Peptides are biopolymers, typically consisting of 2–50 amino acids. They are biologically produced by the cellular ribosomal machinery or by non-ribosomal enzymes and, sometimes, other dedicated ligases. Peptides are arranged as linear chains or cycles, and include post-translational modifications, unusual amino acids and stabilizing motifs. Their structure and molecular size render them a unique chemical space, between small molecules and larger proteins. Peptides have important physiological functions as intrinsic signalling molecules, such as neuropeptides and peptide hormones, for cellular or interspecies communication, as toxins to catch prey or as defence molecules to fend off enemies and microorganisms. Clinically, they are gaining popularity as biomarkers or innovative therapeutics; to date there are more than 60 peptide drugs approved and more than 150 in clinical development. The emerging field of peptidomics comprises the comprehensive qualitative and quantitative analysis of the suite of peptides in a biological sample (endogenously produced, or exogenously administered as drugs). Peptidomics employs techniques of genomics, modern proteomics, state-of-the-art analytical chemistry and innovative computational biology, with a specialized set of tools. The complex biological matrices and often low abundance of analytes typically examined in peptidomics experiments require optimized sample preparation and isolation, including in silico analysis. This Primer covers the combination of techniques and workflows needed for peptide discovery and characterization and provides an overview of various biological and clinical applications of peptidomics.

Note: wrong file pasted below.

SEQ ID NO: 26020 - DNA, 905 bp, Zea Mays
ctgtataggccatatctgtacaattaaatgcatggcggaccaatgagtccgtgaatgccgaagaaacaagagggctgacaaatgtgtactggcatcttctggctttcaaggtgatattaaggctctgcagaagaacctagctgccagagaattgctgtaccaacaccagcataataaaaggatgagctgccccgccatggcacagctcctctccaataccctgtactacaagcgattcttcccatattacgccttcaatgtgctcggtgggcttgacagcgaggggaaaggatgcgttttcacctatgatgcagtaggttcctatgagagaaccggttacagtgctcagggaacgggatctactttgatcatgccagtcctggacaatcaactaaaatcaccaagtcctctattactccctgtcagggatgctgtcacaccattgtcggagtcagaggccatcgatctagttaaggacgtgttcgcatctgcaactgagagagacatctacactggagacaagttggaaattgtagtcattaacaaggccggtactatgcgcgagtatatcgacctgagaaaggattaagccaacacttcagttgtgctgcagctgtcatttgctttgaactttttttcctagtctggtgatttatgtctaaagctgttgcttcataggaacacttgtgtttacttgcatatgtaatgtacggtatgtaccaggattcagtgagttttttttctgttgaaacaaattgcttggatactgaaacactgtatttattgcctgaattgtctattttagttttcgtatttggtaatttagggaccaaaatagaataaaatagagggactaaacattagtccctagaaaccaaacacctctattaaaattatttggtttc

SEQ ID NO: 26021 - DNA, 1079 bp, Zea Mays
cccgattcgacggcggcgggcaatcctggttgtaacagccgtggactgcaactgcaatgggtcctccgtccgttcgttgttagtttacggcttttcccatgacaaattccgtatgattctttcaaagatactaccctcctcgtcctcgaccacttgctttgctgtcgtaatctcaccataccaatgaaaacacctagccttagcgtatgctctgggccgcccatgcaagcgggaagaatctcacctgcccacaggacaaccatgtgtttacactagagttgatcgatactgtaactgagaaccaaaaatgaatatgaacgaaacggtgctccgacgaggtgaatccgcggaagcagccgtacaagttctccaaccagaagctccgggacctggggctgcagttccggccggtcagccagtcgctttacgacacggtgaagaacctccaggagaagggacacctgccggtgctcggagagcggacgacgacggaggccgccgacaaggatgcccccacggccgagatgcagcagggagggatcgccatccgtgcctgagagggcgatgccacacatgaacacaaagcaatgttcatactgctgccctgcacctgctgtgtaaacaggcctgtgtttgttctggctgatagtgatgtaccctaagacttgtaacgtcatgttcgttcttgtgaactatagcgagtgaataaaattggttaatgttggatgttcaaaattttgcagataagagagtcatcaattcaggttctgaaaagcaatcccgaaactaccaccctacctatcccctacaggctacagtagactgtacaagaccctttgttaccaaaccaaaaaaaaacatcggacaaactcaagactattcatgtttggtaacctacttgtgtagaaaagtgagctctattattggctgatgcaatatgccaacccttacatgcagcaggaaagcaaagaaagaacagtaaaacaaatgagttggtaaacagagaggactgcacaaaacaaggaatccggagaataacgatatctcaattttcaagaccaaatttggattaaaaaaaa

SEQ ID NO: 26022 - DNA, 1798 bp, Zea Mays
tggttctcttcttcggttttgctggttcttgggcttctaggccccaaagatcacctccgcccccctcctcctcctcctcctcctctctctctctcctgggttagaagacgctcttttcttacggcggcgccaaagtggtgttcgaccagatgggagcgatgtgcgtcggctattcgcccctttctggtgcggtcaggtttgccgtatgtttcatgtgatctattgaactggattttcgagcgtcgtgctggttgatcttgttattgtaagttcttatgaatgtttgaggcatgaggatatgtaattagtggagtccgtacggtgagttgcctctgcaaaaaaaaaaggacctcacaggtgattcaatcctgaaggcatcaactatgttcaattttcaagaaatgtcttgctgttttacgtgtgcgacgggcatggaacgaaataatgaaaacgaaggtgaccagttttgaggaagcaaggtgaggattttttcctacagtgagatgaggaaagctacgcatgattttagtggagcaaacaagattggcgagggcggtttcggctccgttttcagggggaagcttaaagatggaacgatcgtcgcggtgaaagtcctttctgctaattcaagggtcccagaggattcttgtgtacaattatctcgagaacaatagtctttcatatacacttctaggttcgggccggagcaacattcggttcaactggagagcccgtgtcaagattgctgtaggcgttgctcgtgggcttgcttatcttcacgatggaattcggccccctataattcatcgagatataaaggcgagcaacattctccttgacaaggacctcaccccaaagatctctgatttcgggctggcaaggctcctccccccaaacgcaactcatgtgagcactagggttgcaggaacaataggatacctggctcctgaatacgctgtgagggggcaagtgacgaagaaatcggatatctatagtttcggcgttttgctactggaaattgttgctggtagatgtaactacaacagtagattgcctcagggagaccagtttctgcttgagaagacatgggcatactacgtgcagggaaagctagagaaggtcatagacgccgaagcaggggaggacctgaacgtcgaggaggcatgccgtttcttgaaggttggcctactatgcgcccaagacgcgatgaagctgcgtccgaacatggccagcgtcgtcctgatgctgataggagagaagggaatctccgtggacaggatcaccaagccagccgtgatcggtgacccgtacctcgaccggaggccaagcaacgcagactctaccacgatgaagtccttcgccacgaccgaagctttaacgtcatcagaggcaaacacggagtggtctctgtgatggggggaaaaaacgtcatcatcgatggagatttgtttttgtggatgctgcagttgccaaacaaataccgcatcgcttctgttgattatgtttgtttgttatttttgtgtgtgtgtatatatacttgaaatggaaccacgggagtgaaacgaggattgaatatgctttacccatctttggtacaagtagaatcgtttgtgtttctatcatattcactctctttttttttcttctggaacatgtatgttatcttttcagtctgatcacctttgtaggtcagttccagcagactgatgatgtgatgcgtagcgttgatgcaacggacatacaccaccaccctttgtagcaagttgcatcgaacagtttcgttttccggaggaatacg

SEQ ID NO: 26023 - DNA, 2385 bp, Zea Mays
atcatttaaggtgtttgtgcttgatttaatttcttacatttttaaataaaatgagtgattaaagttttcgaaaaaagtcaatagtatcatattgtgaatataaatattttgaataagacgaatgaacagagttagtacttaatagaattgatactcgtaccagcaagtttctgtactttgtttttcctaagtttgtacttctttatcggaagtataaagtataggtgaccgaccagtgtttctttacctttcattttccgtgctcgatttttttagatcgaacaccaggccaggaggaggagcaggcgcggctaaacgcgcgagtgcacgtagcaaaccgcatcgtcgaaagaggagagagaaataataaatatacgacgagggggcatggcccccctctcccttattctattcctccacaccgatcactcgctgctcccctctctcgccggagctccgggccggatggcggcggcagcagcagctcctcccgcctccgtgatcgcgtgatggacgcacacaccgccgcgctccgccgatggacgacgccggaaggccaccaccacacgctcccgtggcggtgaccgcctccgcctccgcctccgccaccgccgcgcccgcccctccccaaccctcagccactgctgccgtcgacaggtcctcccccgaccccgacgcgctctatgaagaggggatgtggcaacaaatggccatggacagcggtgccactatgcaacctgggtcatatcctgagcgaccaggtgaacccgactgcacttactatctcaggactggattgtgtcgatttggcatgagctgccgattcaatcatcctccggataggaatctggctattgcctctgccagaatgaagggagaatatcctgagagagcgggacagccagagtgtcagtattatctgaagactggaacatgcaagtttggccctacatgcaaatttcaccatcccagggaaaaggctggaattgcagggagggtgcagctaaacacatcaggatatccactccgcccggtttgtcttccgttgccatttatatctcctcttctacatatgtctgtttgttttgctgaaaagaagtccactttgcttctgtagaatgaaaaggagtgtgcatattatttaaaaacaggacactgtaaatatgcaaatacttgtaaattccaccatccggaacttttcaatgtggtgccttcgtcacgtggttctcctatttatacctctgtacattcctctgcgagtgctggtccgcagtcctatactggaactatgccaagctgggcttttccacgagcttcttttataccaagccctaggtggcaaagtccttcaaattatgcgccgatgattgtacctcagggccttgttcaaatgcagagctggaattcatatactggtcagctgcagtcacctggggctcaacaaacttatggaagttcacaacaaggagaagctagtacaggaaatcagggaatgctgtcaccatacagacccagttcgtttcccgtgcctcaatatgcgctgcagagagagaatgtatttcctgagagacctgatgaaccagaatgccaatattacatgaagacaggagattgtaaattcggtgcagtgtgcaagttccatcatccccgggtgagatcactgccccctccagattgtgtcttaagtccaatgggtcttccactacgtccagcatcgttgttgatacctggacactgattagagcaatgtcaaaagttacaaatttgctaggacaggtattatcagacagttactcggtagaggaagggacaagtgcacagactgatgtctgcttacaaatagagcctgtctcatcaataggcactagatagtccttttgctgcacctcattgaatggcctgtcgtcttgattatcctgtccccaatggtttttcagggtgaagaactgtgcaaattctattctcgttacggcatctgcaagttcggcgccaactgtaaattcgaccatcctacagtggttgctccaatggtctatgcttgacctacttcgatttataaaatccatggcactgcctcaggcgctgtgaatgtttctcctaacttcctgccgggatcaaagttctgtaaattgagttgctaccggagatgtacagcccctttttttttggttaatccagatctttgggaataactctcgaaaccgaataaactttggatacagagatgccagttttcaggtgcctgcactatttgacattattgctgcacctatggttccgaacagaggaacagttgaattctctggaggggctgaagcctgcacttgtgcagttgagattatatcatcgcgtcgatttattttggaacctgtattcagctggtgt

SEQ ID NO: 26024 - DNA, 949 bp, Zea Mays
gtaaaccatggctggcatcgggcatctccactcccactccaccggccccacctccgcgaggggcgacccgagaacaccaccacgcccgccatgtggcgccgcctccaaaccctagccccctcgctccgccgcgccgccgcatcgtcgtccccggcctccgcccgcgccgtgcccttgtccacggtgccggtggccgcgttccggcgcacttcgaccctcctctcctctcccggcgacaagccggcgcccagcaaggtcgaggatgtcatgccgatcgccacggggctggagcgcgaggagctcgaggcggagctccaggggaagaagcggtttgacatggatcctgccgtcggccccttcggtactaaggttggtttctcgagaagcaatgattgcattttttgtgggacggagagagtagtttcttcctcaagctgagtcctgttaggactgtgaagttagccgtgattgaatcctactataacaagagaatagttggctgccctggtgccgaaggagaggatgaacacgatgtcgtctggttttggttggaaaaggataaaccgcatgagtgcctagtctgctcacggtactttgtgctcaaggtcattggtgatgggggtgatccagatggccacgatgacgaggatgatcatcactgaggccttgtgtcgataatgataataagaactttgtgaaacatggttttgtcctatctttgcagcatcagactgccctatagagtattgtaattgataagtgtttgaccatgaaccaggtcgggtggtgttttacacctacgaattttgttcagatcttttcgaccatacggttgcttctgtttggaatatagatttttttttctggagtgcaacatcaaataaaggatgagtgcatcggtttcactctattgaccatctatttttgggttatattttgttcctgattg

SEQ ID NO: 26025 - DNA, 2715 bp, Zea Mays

ASJC Scopus subject areas
- Biochemistry, Genetics and Molecular Biology(all)